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What is a Pre Purchase Survey

In Water - Out of Water - Sea Trial

A pre-purchase survey is broken down into three areas. Most surveys start in the water with the vessel afloat. It will enable the systems to be reviewed, such as shore power or the hydraulic bathing platform, the windlass to be operated and the mast to be scaled. If the boat is ashore, the two sections start to combine as the out of water sections or wetted areas can also be inspected simultaneously. 

Once the in-water section has taken place the focus shifts to the out of the water section. The vessel would normally have to travel to a yard to be lifted for inspection and therefore a sea trial could be concluded on route. As the majority of operating systems are covered by the first two stages, traditionally the sea trial is the last stage of the preoceedings.

What's the aim of a sea trial?

A sea trial is to ensure that the mechanical side can perform to its intended range under power. A performance trial. It is also to ensure as with a sailboat, it can sail!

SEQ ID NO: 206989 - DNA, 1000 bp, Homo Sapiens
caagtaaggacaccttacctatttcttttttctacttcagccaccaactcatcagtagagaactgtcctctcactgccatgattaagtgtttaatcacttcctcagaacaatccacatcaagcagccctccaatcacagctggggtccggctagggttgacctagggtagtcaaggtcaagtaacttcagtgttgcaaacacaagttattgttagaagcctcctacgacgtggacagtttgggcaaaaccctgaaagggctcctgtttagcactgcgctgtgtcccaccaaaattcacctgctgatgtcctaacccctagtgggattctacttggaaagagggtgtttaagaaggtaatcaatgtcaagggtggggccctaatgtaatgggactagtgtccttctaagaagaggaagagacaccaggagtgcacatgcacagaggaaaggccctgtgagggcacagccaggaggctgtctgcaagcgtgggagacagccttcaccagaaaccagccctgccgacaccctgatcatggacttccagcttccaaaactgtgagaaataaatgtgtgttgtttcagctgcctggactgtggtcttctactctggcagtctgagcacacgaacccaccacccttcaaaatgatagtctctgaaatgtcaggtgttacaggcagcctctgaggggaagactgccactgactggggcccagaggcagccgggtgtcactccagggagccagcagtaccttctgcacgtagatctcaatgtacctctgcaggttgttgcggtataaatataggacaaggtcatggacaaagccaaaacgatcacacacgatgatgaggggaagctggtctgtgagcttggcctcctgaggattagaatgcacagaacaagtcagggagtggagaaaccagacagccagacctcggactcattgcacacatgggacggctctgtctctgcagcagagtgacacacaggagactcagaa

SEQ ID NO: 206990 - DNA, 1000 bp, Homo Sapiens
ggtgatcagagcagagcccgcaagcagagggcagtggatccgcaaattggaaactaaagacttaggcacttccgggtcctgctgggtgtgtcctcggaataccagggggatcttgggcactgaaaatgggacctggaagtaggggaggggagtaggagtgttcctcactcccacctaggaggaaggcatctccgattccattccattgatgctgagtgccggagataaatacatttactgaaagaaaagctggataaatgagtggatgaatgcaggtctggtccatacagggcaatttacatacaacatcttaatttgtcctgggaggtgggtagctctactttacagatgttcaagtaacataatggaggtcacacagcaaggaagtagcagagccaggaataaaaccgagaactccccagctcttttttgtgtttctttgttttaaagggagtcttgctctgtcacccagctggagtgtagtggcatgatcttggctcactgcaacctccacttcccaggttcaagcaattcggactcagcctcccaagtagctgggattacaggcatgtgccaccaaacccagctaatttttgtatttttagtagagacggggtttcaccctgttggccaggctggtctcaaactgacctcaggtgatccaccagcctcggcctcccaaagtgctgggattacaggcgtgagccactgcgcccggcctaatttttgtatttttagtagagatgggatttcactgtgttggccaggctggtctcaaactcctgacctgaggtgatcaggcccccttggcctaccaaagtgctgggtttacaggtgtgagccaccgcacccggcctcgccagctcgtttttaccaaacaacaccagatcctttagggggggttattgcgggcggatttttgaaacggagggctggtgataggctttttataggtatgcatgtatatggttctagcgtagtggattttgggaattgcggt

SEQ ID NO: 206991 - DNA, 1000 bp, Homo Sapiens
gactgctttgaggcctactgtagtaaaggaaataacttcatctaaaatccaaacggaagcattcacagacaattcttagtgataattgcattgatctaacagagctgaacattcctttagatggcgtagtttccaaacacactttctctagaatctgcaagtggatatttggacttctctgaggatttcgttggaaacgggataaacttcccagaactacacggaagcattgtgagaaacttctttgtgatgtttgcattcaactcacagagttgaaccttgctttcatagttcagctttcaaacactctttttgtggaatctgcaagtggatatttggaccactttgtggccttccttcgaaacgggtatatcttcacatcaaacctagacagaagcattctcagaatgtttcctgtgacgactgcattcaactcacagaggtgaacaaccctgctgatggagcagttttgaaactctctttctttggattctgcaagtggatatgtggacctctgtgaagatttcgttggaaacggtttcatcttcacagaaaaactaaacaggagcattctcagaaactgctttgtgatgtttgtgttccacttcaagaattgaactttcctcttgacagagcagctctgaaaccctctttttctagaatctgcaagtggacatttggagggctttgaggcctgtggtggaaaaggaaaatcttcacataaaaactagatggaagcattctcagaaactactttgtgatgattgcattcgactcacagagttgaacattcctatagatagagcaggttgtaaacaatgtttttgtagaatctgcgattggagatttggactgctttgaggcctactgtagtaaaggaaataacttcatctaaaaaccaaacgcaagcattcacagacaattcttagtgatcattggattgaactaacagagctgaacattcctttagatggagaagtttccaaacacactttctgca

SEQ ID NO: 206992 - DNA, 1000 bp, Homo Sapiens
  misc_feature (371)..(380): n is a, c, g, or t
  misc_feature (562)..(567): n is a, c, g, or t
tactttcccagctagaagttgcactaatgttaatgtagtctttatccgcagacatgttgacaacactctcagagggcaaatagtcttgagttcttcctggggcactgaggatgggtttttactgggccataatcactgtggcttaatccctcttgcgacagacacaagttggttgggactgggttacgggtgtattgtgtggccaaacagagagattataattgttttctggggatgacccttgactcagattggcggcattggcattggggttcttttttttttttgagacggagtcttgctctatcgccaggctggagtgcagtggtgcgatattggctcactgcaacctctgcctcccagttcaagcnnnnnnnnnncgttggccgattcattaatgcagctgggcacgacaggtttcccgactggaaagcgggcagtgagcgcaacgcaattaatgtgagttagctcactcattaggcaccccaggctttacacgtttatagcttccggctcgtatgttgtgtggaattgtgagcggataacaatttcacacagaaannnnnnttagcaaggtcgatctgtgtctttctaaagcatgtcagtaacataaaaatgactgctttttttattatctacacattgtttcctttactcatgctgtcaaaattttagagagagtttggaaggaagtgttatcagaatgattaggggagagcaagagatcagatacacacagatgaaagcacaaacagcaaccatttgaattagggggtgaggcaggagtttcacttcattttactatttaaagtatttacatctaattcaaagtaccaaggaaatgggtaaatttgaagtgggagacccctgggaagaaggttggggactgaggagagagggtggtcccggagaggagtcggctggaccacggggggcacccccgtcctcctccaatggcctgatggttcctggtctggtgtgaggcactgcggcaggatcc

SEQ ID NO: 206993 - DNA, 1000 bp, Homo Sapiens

Usually, if no other discrepancies have arisen from the first two parts of the survey, this is the final stage but yet there are still items to be tested at sea. 

What if the vessel is ashore?

The survey will still go ahead, but you can postpone a sea trial until the report has been finalized. Ask the broker for the best plan of attack but remember that you do hold all the cards which should always be played to your favor. 

Can I start in any order?

Yes is the answer, but we do what we do in a certain order for a reason. It is your survey. Out of water some times comes first to evaluate the overall hull condition. Clients who recognize that osmosis can occur and do not want to own a vessel with osmotic blisters may make this the primary objective.

Others may make their priority the functionality of the interior.

At any stage, the survey can be stopped. The deal can we nullified for reasons un-given and you can walk away.

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